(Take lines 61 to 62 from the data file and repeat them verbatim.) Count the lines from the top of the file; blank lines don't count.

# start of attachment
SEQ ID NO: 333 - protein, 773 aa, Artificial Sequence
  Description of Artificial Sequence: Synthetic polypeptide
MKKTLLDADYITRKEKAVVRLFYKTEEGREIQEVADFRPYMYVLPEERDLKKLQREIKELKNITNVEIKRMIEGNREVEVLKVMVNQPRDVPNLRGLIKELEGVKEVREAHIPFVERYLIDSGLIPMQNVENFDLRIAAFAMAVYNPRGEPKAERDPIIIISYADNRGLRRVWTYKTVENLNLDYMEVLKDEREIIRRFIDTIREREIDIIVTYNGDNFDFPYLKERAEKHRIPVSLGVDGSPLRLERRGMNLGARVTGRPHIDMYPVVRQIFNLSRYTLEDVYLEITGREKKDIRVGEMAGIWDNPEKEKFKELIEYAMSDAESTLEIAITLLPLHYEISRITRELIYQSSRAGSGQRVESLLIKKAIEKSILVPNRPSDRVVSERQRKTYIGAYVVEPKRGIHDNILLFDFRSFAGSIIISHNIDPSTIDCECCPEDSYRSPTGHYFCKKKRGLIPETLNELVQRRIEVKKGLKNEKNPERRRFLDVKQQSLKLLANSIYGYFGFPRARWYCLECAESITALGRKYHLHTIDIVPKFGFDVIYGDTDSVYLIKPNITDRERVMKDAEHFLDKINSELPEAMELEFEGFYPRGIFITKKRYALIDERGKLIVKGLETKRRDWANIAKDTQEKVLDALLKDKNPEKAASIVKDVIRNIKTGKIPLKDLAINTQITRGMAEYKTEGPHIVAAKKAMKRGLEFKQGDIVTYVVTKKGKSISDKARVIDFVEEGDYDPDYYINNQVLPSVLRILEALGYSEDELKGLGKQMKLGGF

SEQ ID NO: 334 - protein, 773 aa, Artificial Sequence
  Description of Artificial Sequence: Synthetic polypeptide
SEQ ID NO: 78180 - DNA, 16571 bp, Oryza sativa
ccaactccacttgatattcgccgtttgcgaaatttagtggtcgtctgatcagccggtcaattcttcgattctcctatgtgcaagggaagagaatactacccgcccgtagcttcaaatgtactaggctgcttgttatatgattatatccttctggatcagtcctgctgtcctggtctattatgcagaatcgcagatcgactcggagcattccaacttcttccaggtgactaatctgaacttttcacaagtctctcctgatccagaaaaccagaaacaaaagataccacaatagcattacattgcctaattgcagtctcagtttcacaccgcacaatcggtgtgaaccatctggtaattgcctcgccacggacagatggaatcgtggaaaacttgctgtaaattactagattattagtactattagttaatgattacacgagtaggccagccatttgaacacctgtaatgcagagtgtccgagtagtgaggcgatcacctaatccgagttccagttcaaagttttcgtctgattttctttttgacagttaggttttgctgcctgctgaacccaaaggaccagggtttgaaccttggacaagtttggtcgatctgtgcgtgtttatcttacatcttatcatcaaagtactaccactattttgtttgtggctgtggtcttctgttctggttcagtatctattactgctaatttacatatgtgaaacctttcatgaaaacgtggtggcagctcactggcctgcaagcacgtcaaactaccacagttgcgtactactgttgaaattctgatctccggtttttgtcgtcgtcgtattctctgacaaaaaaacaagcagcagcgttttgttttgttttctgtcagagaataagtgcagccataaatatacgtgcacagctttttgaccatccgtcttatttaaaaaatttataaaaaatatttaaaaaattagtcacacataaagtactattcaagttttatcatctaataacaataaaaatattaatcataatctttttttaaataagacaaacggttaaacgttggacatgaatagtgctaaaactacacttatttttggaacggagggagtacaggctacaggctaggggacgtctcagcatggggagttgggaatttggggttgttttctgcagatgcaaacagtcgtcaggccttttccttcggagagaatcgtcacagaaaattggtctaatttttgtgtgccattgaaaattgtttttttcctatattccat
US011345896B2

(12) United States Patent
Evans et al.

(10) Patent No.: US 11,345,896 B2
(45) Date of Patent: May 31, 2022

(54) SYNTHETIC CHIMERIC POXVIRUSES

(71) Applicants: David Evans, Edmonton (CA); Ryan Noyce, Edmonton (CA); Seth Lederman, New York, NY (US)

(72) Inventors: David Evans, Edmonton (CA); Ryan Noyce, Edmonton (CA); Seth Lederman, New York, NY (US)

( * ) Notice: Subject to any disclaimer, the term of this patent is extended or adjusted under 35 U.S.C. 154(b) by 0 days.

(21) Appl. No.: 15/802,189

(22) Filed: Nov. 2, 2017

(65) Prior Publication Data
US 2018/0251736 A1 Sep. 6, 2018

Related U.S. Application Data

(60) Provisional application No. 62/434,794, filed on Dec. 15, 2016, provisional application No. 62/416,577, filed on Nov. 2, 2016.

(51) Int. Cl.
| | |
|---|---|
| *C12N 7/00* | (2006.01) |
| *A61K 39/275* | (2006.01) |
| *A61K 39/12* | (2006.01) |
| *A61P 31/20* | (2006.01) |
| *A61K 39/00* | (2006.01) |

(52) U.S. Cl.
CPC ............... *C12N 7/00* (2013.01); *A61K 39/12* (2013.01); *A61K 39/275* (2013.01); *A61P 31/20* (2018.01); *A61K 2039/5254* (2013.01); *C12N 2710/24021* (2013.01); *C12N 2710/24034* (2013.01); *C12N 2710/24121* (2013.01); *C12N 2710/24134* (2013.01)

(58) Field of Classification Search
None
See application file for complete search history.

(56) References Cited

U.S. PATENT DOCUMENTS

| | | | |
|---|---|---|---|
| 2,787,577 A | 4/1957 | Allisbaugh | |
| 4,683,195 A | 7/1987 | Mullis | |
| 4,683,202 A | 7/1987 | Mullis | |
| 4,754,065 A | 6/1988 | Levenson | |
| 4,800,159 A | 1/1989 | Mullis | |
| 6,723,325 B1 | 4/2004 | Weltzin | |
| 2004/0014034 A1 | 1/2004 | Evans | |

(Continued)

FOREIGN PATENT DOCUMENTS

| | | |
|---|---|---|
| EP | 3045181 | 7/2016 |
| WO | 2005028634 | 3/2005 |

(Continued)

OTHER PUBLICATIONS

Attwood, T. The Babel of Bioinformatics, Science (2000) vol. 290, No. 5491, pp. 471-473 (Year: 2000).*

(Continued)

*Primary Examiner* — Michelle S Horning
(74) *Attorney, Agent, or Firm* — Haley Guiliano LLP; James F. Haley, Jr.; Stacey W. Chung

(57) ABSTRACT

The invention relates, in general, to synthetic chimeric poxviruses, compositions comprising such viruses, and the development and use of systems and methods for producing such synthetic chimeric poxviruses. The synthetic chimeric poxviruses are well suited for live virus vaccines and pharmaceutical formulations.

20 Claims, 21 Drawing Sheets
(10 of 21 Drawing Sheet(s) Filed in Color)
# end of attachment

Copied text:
20 Claims, 21 Drawing Sheets
(10 of 21 Drawing Sheet(s) Filed in Color)